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That’s a lot of tart

The holidays are, perhaps obviously, always a busy time. This was the first year where I felt more like a grown-up, responsible for bringing a dish or two. We managed to wiggle our way out of hosting any meals ourselves, using our tiny apartment with just one chair as an excuse. I’m not sure that it will work again next year, when I’m sure our party invites will read “bring your own chair.”

The main item that I was responsible for was the bigos, which I wrote about earlier. The other cooking I took upon myself was to bake a tart – one for Christmas Eve dinner with my family, the other for Christmas Day dinner with friends. I pulled both recipes in their entirety from SmittenKitchen (fittingly, I received Deb Perelman’s book as a gift for the holiday) as her recipes have always been successful for me.

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An Alternate Blog Title

I could have easily called this blog “What’s Polish Cooking Without the Kielbasa?”, but I didn’t realize how much time I would actually spend trying to recreate family recipes. Some of them are fairly easy – nalesniki (or crepes as most people know them), pierogi (stuffed with mushrooms and sauerkraut instead of the usual potatoes and cheese), and borscht. Those are the easy things to make vegan.

The Tofurkey Kielbasa cooking.

A whole package of Tofurkey Kielbasa is A LOT of kielbasa!

There is a whole area of Polish cooking that I have steered clear of, mostly out of an inability to make them vegan-friendly. Unfortunately my interest in cooking didn’t really start until I had already moved out of my parents’ house. When the holidays would come around, my mom accommodated my vegan diet – making sure that there were dumplings, soup, and other options for me to eat. I only participated in the cooking when it came time to form the pierogi – my favorite task in the kitchen.

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The Cabbage Solution

The cabbage question hasn’t fully been answered yet. Partly because we had fallen behind, but also because we were being delivered kimchee on a regular basis by my brother and sister-in-law. So not only have we been trying to our own cabbage, but also theirs! This overabundance of cabbage has led to some culinary frustration.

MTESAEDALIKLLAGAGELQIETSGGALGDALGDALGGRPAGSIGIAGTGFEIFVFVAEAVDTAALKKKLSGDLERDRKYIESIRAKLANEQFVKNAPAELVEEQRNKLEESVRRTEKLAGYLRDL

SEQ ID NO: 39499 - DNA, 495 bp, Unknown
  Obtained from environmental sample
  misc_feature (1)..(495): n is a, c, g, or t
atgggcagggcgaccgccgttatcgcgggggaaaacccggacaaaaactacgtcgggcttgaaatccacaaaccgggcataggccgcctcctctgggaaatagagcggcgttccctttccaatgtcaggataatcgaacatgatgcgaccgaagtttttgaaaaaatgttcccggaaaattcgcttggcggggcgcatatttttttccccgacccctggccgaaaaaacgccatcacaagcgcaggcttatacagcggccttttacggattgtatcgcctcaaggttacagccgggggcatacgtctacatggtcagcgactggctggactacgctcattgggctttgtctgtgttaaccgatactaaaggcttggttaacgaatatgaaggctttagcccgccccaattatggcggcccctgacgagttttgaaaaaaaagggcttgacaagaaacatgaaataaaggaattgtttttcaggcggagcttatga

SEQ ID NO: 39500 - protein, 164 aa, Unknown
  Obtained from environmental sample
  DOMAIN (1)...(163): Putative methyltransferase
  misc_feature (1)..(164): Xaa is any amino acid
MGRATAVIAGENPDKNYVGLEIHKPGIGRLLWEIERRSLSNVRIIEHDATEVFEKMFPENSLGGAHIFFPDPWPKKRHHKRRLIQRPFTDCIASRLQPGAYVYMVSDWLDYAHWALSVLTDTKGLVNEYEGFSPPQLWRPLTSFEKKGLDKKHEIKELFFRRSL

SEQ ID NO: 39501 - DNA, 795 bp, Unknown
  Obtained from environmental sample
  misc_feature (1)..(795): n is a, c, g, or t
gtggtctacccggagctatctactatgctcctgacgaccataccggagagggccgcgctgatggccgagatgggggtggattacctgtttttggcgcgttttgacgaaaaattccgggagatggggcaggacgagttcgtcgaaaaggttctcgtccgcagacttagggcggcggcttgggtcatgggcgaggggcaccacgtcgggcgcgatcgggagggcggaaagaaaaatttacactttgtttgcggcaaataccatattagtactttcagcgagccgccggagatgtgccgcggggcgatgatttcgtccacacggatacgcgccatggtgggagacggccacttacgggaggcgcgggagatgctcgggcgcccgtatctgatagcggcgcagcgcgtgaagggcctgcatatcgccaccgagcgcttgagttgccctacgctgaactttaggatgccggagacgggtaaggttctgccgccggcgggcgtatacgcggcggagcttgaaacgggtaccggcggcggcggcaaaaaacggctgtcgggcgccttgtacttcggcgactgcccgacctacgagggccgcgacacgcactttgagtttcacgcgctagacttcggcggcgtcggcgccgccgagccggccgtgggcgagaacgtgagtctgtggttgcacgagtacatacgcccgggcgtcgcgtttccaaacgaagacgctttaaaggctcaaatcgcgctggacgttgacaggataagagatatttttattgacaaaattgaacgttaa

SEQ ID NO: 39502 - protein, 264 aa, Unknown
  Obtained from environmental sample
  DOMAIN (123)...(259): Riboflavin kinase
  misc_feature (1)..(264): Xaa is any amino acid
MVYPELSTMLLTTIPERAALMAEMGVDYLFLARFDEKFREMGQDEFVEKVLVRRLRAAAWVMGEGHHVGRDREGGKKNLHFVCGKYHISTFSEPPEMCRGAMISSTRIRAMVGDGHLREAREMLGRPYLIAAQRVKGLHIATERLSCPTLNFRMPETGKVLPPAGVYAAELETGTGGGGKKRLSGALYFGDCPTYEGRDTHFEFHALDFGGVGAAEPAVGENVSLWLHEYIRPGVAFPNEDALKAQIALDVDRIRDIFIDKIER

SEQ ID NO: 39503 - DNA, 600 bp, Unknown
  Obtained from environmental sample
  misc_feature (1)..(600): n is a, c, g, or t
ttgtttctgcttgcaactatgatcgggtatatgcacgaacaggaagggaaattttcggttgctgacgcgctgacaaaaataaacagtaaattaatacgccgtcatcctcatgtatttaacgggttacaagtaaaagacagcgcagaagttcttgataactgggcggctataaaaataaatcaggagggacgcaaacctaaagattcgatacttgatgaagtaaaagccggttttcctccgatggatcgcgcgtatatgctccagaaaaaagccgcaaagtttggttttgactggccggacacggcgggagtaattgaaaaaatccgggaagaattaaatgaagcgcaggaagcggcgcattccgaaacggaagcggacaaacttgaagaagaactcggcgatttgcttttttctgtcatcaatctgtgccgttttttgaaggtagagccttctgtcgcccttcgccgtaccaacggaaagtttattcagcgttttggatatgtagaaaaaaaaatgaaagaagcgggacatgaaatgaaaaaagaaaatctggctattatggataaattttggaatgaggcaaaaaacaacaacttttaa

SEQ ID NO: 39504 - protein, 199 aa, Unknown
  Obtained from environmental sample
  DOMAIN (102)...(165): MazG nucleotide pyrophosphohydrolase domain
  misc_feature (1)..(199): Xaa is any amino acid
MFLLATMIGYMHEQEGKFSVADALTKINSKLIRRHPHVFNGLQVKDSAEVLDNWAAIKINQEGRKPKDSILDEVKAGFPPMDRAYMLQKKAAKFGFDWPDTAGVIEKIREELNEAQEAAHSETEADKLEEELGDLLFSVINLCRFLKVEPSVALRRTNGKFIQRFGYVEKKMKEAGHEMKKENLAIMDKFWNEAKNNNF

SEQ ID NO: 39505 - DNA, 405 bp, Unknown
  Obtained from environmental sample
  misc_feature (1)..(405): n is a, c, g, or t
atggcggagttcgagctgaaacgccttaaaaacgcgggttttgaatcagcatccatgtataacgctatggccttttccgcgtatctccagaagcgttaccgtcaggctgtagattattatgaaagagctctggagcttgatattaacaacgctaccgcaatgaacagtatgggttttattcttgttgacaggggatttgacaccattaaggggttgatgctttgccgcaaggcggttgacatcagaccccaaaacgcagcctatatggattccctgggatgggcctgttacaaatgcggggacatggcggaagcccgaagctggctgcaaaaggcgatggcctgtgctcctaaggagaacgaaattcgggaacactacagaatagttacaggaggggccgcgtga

I resorted to harassing my mom via email. Her responses were not the quickest, but she was very adamant that I cook the cabbage and then season it as I want later. Every time I would suggest something new – cabbage soup, stuffed cabbage, stew, her response was the same. When I asked about sauerkraut, I could feel her starting to get annoyed.

Sauerkraut takes 3 weeks to ferment. My plan of turning our fresh cabbage into sauerkraut to be used for bigos in a week was trashed. I did what any sane person would do. I ignored her suggestions and started to search my cookbooks, but it seems that cabbage is a neglected ingredient.

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Can someone else stir for a minute?

I didn’t even really know what lemon curd was until I actually made it today. Sure, I’ve seen it in the grocery store and always wondered what it was doing there, tucked amongst the various jellies and jams. When it came time to decide what to bring to work as a holiday gift, I scoured the internet trying to find something gluten-free and also appropriate for the holidays.

What is lemon curd? It’s a fruit spread made with egg yolk, sugar, and butter. They became popular during the late 19th century in England, where they were served during afternoon tea. The downside to fruit curds is that they don’t last as long as a jam or jelly would. You can use them simply on toast or on a scone, but they can also be eaten with yogurt or dessert (such as cake). Since they are made with only egg yolks, be prepared to have some leftover egg whites. I’m hoping to make some chocolate-coconut macaroons with mine.

I don’t have ready access to Meyer lemons, so a jar of cured lemons was out of the question and I didn’t want to be messing around with a candy thermometer either. The last time I used one was when I nearly destroyed a baking tray making caramels.